Nash hasn't been around the Lakers since they shut him down Oct. 23 because of recurring back pain.
The Lakers want him to return to the team environment when he feels comfortable with it, maybe even mentoring rookie point guard Jordan Clarkson. Some of Nash's actions, though, have irritated Lakers followers, most notably posting an Instagram video of himself whacking a golf ball at a driving range.
Scott wonders why there is so much public interest in whether he has spoken with Nash, who makes $9.7 million this season. Scott and Nash have exchanged text messages and voice mails in recent weeks but an actual conversation still eludes them.
"Steve's a busy guy and I'm a busy guy as well," Scott said. "We're missing each other. I don't think he misses sleep over it and I don't miss any sleep over it, you know? He's a great guy. I've known Steve for a long time, so for us to not be able to get in contact with one another at this particular time, to me it's not a big deal."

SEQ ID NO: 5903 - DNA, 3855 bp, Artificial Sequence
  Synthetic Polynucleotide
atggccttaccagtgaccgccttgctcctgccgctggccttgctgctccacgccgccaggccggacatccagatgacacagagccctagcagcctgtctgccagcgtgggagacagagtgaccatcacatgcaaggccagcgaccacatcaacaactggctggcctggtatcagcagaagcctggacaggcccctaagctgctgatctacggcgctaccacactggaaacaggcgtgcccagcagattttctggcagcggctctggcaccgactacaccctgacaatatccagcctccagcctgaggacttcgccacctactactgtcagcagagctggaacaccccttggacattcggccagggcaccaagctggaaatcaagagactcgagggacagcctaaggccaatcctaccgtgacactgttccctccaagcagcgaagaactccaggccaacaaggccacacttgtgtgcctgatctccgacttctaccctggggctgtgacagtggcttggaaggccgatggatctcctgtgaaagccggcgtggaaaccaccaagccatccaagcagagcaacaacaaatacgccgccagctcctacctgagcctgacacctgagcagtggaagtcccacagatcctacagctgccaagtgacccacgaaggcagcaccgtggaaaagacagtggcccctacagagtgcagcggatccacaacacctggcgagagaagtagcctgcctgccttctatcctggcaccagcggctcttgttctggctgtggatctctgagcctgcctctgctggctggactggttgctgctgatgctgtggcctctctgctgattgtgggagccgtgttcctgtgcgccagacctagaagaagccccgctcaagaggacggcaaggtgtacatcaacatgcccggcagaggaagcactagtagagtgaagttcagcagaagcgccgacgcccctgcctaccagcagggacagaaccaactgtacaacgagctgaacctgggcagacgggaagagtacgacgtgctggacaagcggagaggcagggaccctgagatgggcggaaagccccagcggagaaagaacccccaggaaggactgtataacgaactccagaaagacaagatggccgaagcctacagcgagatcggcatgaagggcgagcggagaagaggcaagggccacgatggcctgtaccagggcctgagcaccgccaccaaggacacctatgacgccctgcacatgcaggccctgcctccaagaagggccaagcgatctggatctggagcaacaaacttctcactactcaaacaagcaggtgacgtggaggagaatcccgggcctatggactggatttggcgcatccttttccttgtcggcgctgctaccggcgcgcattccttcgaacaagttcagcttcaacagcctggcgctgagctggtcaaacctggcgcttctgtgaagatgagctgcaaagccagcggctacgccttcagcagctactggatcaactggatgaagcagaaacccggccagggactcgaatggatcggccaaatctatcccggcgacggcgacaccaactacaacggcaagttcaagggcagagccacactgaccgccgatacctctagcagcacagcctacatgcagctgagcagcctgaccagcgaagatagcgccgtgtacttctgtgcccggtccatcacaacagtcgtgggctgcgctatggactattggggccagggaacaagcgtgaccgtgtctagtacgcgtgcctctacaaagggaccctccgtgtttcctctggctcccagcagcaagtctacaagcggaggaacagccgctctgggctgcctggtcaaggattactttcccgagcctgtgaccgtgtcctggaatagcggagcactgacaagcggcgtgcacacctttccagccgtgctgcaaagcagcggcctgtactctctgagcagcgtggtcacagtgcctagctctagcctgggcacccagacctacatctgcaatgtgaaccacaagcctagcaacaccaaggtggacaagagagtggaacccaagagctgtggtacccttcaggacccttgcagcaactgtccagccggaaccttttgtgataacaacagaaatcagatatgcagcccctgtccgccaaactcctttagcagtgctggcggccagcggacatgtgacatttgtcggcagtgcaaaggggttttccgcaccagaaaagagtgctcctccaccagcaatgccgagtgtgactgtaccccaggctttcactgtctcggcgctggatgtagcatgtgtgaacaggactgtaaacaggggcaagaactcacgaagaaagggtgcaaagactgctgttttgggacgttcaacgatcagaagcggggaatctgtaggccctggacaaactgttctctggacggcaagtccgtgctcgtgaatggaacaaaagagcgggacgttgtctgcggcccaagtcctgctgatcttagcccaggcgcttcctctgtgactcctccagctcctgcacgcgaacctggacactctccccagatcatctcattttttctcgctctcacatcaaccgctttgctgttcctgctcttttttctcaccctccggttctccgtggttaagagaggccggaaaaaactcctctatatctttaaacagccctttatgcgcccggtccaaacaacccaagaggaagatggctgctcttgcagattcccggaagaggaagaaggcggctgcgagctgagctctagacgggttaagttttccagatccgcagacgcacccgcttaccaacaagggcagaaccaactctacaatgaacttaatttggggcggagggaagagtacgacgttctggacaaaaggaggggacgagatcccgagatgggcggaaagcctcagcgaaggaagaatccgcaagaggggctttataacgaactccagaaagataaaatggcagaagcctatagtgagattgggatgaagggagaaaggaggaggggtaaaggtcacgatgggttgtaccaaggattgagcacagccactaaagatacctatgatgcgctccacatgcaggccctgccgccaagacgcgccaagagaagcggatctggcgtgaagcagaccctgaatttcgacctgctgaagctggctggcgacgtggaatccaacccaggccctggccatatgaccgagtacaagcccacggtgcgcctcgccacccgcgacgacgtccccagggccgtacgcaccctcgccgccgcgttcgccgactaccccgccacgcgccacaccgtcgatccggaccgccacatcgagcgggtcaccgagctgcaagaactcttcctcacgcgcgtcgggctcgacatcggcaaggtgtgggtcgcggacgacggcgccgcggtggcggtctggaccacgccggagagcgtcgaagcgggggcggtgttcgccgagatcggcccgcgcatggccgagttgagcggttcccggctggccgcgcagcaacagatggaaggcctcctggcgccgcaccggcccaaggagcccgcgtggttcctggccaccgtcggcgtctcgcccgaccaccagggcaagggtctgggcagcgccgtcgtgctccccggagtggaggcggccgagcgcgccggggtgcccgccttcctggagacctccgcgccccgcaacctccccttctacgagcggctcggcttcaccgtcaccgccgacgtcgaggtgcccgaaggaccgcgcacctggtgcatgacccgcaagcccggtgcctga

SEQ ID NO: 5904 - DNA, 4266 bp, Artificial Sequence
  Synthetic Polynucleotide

Nash isn't the only player to have spent time away from the Lakers.
Rookie Julius Randle needed a week to return to Staples Center and watch a game after sustaining a season-ending broken leg in the Lakers' opener against Houston. He has attended several games and remains on crutches.
Wayne Ellington returned to the Lakers after an 11-day leave of absence because his father was fatally shot in Philadelphia.
Xavier Henry sustained a season-ending torn Achilles' tendon last Monday but has been at the team facility at least twice since then.
Nash, 40, played 65 games for the Lakers after being acquired from Phoenix in July 2012 for two first-round and two second-round draft picks.
If the Lakers finish with a top-five spot after the draft lottery next May, they keep the pick in next June's draft and owe Phoenix a first-rounder in 2016 that is top-three protected.
Nash, a two-time NBA MVP, will never return to the court in an NBA game because of his back. The Lakers haven't waived him and he hasn't announced his retirement because the team can still trade him as an expiring contract.
The most he could contribute would be something akin to part-time mentorship from the sidelines.
"He could, but like we said in the beginning, we want Steve to do that on his own time frame," Scott said. "When you're out for the season, you've been doing this for your whole life, that's hard to take.
"Some guys, they don't come to that realization for a long time. Right now, he wants to spend time with his family, which I can understand. He wants to just kind of take this slow."